16 Apr

News and Analyses, A Foreign Perspective

News and Analyses, A Foreign Perspective


English Online International Newspapers

Nearly all of these are English-edition daily newspapers. These sites have interesting editorials and essays, and many have links to other good news sources. We try to limit this list to those sites which are regularly updated, reliable, with a high percentage of “up” time.

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Biodiversity concerns prompt emergency plan to use ferrets to round up the few rabbits left


Rabbits play a vital role on Schiermonnikoog, nibbling away at the invasive American black cherry plant.

It is not a pastime for which rabbits usually require much encouragement. But a mystery depletion in numbers on the Dutch island of Schiermonnikoog has led to an emergency effort to coax the local population into breeding … well, like rabbits.

Ferrets are being deployed to chase the reluctant remaining animals out of their warrens and into the hands of conservationists, who are bringing them together, safe from the stress of predators, in the hope that romance will blossom.

It is believed that the number of rabbits on Schiermonnikoog, or Grey Monk island, has been declining for the last three years, although conservationists are only working from the memory of the 947 people who live there.

The concern is that the unexplained decrease could have a negative effect on the biodiversity of Schiermonnikoog, a 9.9-mile-long nature reserve off the northern coastline, which attracts 300,000 visitors a year.

The rabbits play a vital role in nibbling away at the invasive American black cherry, a variety of the woody plant Prunus serotina that gets in the way of other species. Birds on the island are also known to use the rabbit warrens to lay eggs.

Schiermonnikoog is a 9.9 mile-long nature reserve off the northern coastline that attracts 300,000 visitors a year.

Schiermonnikoog is a 9.9 mile-long nature reserve off the northern coastline that attracts 300,000 visitors a year. Photograph: Getty Images/Robert Harding World Imagery

Jan Willem Zwart, a forester on Schiemonnikoog who is working on the project, said the fall in the rabbit population was already noticeable. “Rabbits eat grasses and saplings that have just come up. That prevents the landscape from becoming closed. We do not know exactly how many rabbits are still here, but we clearly see that the vegetation on the island is increasing,” he said. “It has been very difficult to find the rabbits. And that is what we are doing at the moment. It is just the beginning”.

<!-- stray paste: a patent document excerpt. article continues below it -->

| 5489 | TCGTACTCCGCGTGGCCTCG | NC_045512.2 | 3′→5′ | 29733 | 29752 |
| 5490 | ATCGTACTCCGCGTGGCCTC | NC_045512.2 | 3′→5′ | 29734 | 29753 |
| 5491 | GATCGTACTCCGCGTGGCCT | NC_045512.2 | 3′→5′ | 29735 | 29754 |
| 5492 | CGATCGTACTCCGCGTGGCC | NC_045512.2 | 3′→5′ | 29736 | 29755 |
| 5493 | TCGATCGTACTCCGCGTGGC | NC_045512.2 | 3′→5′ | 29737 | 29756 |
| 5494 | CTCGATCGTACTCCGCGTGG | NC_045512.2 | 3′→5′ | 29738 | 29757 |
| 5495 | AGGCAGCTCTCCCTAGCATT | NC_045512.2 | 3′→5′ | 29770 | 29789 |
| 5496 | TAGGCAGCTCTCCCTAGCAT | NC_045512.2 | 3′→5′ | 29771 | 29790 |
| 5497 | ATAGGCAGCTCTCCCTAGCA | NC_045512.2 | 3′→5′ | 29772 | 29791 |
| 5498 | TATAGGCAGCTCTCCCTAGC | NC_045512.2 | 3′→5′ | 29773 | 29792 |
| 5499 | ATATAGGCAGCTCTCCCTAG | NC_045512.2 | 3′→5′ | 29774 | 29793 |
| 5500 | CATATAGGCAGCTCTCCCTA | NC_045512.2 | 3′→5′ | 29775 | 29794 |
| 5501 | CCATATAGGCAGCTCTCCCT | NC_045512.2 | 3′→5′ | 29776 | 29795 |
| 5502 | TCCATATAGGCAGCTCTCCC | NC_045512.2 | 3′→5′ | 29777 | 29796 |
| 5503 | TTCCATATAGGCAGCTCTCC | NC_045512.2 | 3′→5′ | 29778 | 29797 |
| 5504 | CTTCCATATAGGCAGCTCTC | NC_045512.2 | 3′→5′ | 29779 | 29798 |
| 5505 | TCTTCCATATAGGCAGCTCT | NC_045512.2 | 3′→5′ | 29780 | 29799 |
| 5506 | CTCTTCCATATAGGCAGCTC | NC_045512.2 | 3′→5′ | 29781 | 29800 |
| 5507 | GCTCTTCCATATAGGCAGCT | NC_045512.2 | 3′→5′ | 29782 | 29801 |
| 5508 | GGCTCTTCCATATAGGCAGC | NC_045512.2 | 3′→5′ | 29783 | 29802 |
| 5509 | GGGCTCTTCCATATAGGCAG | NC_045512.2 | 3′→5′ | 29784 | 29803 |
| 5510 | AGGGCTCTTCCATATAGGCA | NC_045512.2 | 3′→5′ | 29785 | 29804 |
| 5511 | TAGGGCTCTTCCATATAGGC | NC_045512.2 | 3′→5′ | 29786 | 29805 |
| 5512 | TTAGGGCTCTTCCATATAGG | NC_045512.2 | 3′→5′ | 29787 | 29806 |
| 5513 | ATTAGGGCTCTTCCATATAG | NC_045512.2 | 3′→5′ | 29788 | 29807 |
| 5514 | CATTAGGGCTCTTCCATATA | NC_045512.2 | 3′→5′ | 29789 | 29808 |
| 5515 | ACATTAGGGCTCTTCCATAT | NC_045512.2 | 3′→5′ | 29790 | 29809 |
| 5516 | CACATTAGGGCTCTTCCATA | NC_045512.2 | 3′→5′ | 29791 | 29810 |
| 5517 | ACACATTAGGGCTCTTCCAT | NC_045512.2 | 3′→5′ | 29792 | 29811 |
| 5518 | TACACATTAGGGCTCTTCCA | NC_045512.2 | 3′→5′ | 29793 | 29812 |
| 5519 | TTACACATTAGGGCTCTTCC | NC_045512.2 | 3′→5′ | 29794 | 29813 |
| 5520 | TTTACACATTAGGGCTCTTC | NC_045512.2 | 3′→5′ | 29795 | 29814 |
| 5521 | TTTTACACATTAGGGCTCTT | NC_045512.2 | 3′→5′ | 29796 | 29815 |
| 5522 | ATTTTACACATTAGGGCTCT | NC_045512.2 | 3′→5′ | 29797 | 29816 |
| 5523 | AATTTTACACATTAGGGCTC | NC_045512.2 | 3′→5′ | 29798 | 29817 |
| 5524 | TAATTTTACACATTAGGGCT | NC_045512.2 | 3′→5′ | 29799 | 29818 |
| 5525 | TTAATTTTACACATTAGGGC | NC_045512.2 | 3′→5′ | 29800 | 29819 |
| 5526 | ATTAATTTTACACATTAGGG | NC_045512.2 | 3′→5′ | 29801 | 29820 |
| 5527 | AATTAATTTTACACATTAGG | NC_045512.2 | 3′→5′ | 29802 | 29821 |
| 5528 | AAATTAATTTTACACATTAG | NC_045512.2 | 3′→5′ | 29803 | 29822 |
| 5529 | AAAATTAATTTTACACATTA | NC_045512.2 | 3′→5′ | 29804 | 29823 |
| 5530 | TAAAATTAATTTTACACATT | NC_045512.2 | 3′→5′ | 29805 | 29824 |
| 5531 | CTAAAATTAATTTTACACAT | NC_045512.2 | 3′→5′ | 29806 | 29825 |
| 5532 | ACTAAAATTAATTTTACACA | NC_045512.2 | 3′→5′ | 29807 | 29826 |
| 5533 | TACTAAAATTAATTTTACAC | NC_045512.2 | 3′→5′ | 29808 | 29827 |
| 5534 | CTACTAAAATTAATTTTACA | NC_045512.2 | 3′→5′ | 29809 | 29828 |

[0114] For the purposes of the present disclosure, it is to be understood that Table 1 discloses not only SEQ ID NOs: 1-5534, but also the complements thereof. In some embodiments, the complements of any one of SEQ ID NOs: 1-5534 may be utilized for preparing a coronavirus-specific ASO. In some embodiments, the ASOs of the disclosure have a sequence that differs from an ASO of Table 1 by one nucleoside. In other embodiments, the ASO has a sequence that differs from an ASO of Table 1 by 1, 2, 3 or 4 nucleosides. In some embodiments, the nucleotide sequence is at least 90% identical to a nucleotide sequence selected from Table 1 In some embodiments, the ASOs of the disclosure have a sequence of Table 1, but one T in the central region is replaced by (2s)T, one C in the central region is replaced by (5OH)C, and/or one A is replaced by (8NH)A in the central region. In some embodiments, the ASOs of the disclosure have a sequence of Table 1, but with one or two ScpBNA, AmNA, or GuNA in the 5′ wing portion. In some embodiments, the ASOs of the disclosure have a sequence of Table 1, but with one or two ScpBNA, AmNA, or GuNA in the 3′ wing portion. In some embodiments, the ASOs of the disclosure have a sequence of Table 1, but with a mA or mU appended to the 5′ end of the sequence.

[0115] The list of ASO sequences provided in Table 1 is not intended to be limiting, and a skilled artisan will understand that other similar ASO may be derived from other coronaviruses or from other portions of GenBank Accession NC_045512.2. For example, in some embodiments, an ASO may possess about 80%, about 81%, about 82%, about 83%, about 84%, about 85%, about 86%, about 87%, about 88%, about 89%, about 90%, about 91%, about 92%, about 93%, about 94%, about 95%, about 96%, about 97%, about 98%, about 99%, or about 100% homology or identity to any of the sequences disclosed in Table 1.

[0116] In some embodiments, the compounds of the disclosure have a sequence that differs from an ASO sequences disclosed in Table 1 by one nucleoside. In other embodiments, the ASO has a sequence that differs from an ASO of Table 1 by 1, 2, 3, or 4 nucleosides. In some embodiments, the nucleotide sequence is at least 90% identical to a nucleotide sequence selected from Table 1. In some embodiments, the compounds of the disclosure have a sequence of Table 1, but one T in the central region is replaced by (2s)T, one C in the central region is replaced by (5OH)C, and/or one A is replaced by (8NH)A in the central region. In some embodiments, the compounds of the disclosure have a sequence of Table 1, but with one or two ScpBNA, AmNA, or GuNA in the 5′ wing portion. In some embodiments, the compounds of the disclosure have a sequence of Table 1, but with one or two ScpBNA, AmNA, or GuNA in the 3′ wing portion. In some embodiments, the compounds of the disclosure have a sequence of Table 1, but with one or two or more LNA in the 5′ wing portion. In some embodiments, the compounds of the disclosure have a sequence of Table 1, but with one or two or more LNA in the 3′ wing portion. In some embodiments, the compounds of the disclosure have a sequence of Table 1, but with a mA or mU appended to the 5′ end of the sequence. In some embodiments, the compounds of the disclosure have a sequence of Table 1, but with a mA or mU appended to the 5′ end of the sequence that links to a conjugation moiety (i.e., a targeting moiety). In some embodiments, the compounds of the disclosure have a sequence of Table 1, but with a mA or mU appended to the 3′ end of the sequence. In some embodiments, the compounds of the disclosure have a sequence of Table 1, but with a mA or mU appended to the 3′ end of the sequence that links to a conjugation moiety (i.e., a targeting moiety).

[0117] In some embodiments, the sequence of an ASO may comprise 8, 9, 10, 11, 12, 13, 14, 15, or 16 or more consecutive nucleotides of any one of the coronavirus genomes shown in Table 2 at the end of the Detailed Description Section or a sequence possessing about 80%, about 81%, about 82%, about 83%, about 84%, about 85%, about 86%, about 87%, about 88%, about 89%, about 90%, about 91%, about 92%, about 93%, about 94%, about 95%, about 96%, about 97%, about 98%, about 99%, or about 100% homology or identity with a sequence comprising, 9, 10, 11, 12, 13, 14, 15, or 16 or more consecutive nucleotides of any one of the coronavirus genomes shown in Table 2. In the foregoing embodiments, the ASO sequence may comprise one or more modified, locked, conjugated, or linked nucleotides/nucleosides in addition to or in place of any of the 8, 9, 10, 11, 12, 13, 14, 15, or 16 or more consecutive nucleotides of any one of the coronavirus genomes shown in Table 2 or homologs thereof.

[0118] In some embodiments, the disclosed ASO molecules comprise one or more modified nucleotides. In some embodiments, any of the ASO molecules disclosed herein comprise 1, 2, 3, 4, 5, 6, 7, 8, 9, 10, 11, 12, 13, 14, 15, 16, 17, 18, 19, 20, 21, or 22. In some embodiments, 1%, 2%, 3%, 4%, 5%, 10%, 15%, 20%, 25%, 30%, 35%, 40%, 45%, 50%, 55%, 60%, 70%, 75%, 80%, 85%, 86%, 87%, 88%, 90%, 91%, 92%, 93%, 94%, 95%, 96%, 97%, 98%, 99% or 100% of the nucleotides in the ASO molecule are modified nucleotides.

The rabbit population has traditionally gone up and down, he said, often due to outbreaks of infectious diseases, such as myxomatosis, a virus introduced into Europe in the 1950s as an agent to control numbers. But the consistently low number of baby rabbits in recent years remains a mystery. Those surviving on the island have largely congregated around the village, Zwart added.

“It might be the wild cats in the dunes that are keeping the numbers down,” he said. “We don’t know. But we are going to catch a number of rabbits on the island. In the village there are still enough, they like to dig under the houses. In the long run, we want to expand them elsewhere on the island, where they are needed.

“We want to do that in an animal-friendly way. That is why we are going to use … ferreting. The ferret goes into the rabbit hole and chases them out. We will catch them there and put them in a paddock, a safe place away from predators.”

It is hoped that in a secure area nature will follow its course, albeit with a little human help.

The project, aided by the Dutch national heritage organisation, the Natuurmonumenten, considered importing rabbits but the paperwork was deemed overwhelming because a permit is required for every animal.

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Maksim Borodin was known for reports on private military firm and prison investigations

Max Borodin – Facebook profile photo Photograph: Max Borodin/Facebook

A Russian investigative journalist who confirmed the deaths of Russian mercenaries in Syria has died after falling from his fifth-floor balcony in the city of Yekaterinburg.